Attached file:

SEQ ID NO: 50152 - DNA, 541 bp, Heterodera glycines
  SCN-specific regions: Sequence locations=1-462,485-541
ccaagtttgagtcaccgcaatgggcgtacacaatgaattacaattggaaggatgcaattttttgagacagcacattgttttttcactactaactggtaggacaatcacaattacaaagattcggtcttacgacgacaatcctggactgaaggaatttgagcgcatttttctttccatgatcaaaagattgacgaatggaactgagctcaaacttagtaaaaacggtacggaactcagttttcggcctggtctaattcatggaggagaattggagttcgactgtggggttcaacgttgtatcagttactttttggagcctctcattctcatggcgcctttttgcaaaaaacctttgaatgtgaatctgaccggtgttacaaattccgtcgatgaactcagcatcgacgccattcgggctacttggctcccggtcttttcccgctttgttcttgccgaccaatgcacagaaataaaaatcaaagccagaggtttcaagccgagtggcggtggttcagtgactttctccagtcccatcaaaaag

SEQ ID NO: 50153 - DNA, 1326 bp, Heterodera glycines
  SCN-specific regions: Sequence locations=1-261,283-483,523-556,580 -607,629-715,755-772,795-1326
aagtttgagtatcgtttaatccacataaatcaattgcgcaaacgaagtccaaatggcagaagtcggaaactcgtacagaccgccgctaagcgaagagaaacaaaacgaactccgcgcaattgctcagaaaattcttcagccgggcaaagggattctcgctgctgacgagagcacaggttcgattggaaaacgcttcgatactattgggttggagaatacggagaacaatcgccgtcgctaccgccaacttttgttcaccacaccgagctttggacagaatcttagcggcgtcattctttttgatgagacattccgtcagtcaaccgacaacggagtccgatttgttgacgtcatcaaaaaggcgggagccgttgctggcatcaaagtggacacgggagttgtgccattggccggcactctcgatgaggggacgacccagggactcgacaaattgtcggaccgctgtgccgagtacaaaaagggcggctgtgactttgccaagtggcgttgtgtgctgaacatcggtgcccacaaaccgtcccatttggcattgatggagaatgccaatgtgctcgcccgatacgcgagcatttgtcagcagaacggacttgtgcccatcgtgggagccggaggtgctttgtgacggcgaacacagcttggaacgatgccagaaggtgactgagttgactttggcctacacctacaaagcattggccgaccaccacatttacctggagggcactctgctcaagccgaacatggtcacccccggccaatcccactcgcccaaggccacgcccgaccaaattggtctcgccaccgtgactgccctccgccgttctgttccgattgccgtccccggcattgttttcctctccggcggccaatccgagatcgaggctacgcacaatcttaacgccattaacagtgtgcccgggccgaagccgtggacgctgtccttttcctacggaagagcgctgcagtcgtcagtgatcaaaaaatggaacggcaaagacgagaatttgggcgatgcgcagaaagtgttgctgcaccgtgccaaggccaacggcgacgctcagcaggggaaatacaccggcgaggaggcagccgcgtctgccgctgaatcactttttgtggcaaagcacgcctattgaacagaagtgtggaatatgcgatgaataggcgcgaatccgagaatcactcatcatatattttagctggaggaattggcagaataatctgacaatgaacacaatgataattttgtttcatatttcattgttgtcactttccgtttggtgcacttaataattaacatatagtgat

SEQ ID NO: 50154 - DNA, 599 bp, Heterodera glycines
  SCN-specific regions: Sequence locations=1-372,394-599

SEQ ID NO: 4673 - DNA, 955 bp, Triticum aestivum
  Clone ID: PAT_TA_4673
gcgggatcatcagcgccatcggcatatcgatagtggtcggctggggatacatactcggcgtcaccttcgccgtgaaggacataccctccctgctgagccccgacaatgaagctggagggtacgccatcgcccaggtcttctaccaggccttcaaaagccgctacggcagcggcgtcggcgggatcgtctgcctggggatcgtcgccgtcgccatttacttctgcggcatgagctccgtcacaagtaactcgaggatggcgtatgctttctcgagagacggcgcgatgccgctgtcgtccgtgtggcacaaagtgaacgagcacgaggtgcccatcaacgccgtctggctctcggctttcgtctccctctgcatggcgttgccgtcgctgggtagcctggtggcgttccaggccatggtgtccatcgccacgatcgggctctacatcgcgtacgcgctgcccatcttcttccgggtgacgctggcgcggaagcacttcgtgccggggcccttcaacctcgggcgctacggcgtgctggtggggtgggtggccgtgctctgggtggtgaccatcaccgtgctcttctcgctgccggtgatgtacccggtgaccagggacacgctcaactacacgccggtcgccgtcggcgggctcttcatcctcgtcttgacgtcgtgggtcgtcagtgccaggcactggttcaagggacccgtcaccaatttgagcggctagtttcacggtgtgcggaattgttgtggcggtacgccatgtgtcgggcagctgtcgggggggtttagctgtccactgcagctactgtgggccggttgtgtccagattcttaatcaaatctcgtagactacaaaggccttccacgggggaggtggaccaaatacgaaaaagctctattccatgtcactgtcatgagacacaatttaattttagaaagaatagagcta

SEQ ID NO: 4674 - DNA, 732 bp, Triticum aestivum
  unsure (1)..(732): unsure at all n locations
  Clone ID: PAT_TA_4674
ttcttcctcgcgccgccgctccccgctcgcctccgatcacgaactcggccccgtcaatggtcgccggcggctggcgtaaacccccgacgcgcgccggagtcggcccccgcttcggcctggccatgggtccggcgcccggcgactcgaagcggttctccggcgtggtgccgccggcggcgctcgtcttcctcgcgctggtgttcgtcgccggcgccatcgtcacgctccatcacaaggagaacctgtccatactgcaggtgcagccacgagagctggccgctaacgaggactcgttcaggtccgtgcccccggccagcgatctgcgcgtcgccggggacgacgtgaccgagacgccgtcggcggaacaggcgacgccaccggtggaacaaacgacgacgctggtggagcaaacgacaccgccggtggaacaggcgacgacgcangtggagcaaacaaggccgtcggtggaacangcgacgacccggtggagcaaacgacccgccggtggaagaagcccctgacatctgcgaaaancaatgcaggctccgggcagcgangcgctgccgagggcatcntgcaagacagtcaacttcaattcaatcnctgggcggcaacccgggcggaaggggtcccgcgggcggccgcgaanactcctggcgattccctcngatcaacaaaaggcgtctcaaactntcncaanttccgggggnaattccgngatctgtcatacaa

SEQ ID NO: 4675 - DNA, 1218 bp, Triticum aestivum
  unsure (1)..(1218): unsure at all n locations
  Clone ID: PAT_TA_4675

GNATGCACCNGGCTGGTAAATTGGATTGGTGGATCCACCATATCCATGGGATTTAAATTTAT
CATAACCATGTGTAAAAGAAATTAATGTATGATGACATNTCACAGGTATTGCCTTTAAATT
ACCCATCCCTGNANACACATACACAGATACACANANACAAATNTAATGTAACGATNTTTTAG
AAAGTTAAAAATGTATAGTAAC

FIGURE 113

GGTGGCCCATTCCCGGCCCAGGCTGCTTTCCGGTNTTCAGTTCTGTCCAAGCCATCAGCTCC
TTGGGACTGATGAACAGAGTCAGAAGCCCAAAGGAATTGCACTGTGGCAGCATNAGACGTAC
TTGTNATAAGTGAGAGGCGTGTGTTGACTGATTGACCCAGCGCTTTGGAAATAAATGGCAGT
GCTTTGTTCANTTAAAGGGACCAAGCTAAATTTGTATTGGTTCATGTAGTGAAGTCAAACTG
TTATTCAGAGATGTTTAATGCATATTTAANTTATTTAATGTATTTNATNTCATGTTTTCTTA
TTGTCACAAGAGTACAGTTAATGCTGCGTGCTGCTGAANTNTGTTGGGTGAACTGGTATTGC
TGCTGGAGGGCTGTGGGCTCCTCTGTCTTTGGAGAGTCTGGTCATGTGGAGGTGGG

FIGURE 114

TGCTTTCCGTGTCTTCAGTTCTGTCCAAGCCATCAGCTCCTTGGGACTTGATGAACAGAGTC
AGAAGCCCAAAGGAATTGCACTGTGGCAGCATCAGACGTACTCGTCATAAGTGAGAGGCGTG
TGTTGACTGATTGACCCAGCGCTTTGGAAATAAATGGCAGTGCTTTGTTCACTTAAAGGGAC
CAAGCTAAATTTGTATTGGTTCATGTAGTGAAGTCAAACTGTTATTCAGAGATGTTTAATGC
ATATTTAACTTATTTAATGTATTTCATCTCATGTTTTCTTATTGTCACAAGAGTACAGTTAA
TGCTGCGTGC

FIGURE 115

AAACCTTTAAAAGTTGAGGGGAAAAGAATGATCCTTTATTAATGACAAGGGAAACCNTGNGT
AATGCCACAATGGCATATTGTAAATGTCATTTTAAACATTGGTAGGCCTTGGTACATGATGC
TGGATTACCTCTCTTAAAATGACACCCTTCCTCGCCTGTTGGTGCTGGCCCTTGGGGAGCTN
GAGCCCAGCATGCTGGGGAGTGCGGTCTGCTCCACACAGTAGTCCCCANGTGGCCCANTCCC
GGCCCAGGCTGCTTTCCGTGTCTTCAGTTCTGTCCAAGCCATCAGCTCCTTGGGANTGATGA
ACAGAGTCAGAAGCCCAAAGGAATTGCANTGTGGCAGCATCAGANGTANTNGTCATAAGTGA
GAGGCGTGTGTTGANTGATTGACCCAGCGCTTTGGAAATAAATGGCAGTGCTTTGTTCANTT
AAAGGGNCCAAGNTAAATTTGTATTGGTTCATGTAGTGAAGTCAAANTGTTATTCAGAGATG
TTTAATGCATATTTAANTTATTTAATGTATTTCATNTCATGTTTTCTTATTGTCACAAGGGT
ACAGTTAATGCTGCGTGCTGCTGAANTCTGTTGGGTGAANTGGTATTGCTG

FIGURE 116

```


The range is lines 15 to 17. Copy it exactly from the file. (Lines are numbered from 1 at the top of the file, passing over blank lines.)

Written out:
ttcttcctcgcgccgccgctccccgctcgcctccgatcacgaactcggccccgtcaatggtcgccggcggctggcgtaaacccccgacgcgcgccggagtcggcccccgcttcggcctggccatgggtccggcgcccggcgactcgaagcggttctccggcgtggtgccgccggcggcgctcgtcttcctcgcgctggtgttcgtcgccggcgccatcgtcacgctccatcacaaggagaacctgtccatactgcaggtgcagccacgagagctggccgctaacgaggactcgttcaggtccgtgcccccggccagcgatctgcgcgtcgccggggacgacgtgaccgagacgccgtcggcggaacaggcgacgccaccggtggaacaaacgacgacgctggtggagcaaacgacaccgccggtggaacaggcgacgacgcangtggagcaaacaaggccgtcggtggaacangcgacgacccggtggagcaaacgacccgccggtggaagaagcccctgacatctgcgaaaancaatgcaggctccgggcagcgangcgctgccgagggcatcntgcaagacagtcaacttcaattcaatcnctgggcggcaacccgggcggaaggggtcccgcgggcggccgcgaanactcctggcgattccctcngatcaacaaaaggcgtctcaaactntcncaanttccgggggnaattccgngatctgtcatacaa

SEQ ID NO: 4675 - DNA, 1218 bp, Triticum aestivum
  unsure (1)..(1218): unsure at all n locations